Posted by James McNeile, Partner
On 1 September 2016 Withy King LLP merged with Royds LLP. The trading name for the merged firm is Royds Withy King. All content produced prior to this date will remain in the name of the firms pre-merger.
Consultation on Inheritance and Trustees’ Power Bill
As a result of recommendations made by the Law Commissions in December 2011, the Government has issued a draft Inheritance and Trustees Power Bill which deals with two main areas, intestacy and family provision. These are both important areas of …
As a result of recommendations made by the Law Commissions in December 2011, the Government has issued a draft Inheritance and Trustees Power Bill which deals with two main areas, intestacy and family provision. These are both important areas of the law, affecting a large number of families at times of financial and emotional vulnerability.
The intestacy rules apply when you have not left a Will. They date back to 1925 and until now they have not been comprehensively reviewed for more than 20 years. Under the existing law of England and Wales, on a death in intestacy, if the deceased leaves a spouse and children, the surviving spouse receives only the first £250,000 of the estate. The remainder is then split into two with half going to the deceased’s (blood) children and the other half held in the surviving spouse’s life interest trust. The new Bill will abolish the spouse’s life interest trust and will mean that the surviving spouse gets £250,000 plus the deceased’s chattels and half the balance of the remaining estate outright. Children or other descendants would then share the other half of the balance.
As it stands, on intestacy if the deceased had no children and the estate is worth more than £450,000 the spouse has to share it with the deceased’s parents and full siblings or their descendants. The Law Commission’s findings show that people think that this is unfair, so under the new Bill the whole estate will always pass to the surviving spouse, and the deceased’s parents and siblings would be cut out of the distribution.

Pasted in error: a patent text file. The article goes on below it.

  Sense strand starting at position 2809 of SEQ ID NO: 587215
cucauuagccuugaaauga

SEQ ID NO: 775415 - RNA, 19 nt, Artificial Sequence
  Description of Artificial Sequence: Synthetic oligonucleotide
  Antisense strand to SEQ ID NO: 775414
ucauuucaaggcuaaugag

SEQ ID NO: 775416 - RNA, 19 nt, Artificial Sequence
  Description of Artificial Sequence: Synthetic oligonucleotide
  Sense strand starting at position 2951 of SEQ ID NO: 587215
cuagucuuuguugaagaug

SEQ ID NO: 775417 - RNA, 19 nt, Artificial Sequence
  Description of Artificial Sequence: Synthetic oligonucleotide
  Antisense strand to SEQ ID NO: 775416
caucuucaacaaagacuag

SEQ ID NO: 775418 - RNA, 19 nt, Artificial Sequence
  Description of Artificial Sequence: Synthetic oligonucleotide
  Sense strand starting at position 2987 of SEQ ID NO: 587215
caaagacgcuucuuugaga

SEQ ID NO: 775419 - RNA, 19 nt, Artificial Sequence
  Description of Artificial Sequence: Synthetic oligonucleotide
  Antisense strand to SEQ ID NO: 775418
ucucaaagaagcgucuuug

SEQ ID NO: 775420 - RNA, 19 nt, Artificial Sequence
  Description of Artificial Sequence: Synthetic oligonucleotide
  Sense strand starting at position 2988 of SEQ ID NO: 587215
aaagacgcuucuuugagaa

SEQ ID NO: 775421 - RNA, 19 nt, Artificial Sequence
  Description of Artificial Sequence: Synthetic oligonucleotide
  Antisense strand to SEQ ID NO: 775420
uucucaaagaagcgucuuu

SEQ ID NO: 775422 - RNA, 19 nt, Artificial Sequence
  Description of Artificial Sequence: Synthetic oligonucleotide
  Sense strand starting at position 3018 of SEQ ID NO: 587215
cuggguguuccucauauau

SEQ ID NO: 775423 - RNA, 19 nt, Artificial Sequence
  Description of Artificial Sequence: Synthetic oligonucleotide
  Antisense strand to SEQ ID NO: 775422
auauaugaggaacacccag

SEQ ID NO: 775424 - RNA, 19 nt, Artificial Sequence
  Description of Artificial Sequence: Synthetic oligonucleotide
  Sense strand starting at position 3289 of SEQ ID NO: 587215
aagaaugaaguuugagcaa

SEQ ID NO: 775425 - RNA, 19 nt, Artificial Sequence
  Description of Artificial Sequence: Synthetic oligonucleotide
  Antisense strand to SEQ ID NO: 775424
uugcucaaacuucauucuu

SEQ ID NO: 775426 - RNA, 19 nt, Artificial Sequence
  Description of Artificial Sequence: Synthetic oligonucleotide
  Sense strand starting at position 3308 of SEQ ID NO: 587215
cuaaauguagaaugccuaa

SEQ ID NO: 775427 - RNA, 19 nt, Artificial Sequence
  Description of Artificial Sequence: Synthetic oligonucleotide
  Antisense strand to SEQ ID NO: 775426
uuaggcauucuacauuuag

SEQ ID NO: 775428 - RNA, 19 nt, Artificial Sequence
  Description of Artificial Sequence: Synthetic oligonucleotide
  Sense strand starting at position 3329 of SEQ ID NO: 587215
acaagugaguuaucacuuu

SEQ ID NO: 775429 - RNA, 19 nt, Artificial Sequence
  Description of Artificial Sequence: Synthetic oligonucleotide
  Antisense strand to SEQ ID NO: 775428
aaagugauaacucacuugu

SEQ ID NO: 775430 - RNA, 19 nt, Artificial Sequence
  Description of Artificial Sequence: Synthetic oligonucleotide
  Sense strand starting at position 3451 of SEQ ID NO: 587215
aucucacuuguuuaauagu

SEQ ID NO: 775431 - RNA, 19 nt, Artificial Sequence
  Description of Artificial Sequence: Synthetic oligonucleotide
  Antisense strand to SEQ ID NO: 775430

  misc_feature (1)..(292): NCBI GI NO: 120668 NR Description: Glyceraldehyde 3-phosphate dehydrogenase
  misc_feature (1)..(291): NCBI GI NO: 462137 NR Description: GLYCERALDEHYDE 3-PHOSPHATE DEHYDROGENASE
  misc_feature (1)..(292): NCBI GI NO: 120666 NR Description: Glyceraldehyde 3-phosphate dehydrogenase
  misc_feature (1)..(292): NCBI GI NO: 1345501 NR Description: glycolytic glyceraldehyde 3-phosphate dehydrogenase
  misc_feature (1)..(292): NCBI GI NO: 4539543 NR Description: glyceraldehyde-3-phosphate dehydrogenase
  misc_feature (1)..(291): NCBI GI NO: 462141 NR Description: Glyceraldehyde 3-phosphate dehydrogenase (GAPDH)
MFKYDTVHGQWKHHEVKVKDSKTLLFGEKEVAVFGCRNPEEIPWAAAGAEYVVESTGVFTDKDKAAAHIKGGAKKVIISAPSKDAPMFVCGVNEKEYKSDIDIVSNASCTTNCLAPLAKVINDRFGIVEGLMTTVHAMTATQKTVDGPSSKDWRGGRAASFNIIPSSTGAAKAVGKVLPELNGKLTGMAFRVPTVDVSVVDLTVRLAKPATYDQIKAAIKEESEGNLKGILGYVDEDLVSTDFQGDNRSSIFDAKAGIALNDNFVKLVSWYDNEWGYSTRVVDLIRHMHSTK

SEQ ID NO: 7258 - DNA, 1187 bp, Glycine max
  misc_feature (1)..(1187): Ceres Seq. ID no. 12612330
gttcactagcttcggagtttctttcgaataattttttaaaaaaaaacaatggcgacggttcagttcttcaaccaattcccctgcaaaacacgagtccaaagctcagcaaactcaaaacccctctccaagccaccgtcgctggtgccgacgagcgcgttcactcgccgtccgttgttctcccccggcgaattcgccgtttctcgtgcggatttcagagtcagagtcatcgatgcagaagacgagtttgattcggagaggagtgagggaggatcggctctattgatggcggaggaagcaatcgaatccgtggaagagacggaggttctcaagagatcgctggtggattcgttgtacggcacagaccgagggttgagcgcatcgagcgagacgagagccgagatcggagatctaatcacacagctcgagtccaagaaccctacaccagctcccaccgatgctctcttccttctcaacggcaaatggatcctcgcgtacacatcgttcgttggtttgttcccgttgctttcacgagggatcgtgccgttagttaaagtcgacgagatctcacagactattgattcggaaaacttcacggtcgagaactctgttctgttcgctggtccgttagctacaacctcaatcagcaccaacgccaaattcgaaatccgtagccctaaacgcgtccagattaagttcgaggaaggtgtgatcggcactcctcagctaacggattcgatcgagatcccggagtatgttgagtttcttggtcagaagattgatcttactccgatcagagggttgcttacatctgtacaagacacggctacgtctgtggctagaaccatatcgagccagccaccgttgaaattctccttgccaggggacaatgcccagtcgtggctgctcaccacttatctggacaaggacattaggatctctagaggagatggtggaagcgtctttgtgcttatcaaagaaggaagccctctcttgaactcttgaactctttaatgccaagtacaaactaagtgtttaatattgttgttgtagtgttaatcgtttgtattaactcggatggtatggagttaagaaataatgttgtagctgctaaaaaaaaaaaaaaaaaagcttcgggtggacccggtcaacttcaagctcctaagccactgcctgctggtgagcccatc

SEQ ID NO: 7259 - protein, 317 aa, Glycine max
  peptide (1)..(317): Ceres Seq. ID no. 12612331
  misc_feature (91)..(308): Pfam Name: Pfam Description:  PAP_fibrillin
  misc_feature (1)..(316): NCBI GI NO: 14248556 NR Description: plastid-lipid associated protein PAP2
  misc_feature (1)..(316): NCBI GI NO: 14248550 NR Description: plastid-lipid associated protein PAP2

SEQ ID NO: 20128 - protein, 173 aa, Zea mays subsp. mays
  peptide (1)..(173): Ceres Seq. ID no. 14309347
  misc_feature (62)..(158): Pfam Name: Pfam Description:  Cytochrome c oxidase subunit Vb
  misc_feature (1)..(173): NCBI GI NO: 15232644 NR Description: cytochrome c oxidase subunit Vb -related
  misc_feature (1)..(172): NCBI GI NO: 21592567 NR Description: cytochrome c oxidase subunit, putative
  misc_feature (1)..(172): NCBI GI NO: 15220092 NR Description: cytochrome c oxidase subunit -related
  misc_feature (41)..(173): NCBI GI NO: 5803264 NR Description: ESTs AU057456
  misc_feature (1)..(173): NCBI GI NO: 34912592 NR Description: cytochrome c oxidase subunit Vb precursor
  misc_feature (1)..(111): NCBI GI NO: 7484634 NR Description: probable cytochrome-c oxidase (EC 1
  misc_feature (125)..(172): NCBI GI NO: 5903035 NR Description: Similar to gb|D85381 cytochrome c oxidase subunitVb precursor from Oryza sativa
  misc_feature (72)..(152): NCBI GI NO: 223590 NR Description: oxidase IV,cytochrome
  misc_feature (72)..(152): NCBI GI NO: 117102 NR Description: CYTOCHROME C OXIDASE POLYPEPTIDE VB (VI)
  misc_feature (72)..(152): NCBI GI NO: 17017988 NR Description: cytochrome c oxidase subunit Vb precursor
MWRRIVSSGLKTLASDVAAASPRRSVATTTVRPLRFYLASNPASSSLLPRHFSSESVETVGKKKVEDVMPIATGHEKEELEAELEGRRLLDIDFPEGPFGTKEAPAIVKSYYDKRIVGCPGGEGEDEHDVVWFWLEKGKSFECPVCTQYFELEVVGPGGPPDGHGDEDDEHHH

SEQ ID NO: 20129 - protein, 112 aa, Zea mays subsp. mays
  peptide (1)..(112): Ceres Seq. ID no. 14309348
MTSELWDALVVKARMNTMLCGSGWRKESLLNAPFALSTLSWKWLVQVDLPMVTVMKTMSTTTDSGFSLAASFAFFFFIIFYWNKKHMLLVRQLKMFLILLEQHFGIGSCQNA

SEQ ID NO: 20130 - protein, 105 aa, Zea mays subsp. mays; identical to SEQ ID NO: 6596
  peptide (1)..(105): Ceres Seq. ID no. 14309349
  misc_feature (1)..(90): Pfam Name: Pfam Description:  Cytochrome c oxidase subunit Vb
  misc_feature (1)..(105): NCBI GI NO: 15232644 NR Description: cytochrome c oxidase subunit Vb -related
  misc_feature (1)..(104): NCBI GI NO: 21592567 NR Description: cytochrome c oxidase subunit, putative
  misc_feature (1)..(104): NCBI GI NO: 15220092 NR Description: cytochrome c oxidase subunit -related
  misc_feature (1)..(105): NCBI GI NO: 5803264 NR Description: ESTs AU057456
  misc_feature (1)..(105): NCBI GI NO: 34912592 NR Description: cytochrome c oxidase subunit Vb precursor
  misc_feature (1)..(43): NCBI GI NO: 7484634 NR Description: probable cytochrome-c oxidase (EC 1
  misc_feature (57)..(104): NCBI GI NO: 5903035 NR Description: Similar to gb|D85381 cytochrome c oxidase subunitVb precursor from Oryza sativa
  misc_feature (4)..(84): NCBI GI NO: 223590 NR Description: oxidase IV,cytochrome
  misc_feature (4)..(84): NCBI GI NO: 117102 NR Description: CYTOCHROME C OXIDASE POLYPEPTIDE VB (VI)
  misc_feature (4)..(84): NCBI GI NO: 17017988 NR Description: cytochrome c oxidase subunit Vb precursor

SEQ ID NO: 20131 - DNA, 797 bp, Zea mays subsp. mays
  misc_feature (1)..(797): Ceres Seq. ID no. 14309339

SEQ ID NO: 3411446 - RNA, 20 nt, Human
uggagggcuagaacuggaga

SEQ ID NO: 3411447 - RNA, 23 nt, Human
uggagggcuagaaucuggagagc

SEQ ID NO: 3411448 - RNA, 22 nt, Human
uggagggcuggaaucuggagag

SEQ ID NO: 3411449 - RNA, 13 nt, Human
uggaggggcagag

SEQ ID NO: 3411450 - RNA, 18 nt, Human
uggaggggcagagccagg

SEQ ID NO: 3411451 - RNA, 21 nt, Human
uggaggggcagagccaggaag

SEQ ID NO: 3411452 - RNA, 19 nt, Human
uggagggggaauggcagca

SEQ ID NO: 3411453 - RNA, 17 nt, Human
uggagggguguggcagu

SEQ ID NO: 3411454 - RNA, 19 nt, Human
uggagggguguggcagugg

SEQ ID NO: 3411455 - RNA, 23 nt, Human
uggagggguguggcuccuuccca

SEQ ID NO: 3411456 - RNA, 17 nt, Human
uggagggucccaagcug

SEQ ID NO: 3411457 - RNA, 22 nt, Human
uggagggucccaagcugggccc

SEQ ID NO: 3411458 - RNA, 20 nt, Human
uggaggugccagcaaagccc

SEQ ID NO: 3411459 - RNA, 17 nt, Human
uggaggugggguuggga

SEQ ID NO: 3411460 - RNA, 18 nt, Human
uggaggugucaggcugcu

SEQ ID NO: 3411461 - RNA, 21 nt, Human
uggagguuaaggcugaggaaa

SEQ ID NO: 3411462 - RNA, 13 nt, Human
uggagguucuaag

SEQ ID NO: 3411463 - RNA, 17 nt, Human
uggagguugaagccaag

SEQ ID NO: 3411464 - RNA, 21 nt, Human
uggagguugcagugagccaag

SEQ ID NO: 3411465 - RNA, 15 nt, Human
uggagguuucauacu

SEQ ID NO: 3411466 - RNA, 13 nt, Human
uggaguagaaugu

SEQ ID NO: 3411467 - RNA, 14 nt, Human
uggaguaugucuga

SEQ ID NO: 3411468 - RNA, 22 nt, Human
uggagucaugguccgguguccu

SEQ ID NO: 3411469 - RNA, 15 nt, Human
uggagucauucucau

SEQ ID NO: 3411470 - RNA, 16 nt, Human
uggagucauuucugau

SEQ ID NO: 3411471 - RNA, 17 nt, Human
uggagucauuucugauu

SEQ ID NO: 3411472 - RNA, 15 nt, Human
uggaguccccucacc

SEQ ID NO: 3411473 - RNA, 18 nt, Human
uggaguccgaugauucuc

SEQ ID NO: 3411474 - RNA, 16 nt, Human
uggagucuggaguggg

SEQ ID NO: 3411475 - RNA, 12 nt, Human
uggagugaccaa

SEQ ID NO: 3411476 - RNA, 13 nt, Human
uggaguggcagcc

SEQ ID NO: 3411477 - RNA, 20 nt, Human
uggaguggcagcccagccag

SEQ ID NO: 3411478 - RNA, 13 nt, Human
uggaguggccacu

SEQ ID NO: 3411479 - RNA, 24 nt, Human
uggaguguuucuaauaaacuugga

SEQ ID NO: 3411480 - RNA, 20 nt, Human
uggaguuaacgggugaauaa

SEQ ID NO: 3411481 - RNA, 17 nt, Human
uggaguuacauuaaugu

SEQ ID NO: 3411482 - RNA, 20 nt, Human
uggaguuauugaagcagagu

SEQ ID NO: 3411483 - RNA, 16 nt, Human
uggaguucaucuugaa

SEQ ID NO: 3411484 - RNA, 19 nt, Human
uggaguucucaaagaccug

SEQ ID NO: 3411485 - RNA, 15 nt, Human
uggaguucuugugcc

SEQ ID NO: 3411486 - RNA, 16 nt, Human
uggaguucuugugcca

- The Inheritance (Provision for Family and Dependants) Act 1975 allows close relatives and dependants to make claims against the estate, where they have not been provided for under the intestacy rules or the deceased’s will, as long as the deceased was domiciled in England or Wales. This Act has not been subject to a full review since it was enacted in 1975 and the Law Commission’s recommendations emphasise the importance of not placing unnecessary obstacles in the way of a valid family provision claim. As a result, the new Bill now allows relatives or dependants to bring such claims against the estate of a NON-domiciled deceased, providing the deceased left property in England or Wales.
- Anyone treated by the deceased as a child can bring a claim whether or not there was a marriage or civil partnership. Furthermore, the person who was being maintained by the deceased immediately before the death will no longer have to show that the deceased contributed more to the relationship in financial terms than the applicant did.
- The new Bill will also extend trustees statutory powers to distribute income or capital from the trust fund to or for the benefit of beneficiaries who are not yet entitled to take such funds outright removing the need to specifically grant these powers to trustees.
Studies suggest that around half and two thirds of the adult population do not have a will. Although the new bill is an attempt to rectify some of the difficulties that family members of the deceased face when there is no Will, the problems and strict application of the intestacy rules can be completely avoided by simply making a Will!
If you have any comments on this update please contact Tony Millson, Partner for the Private Client Department on 020 7583 2222 or email@example.com
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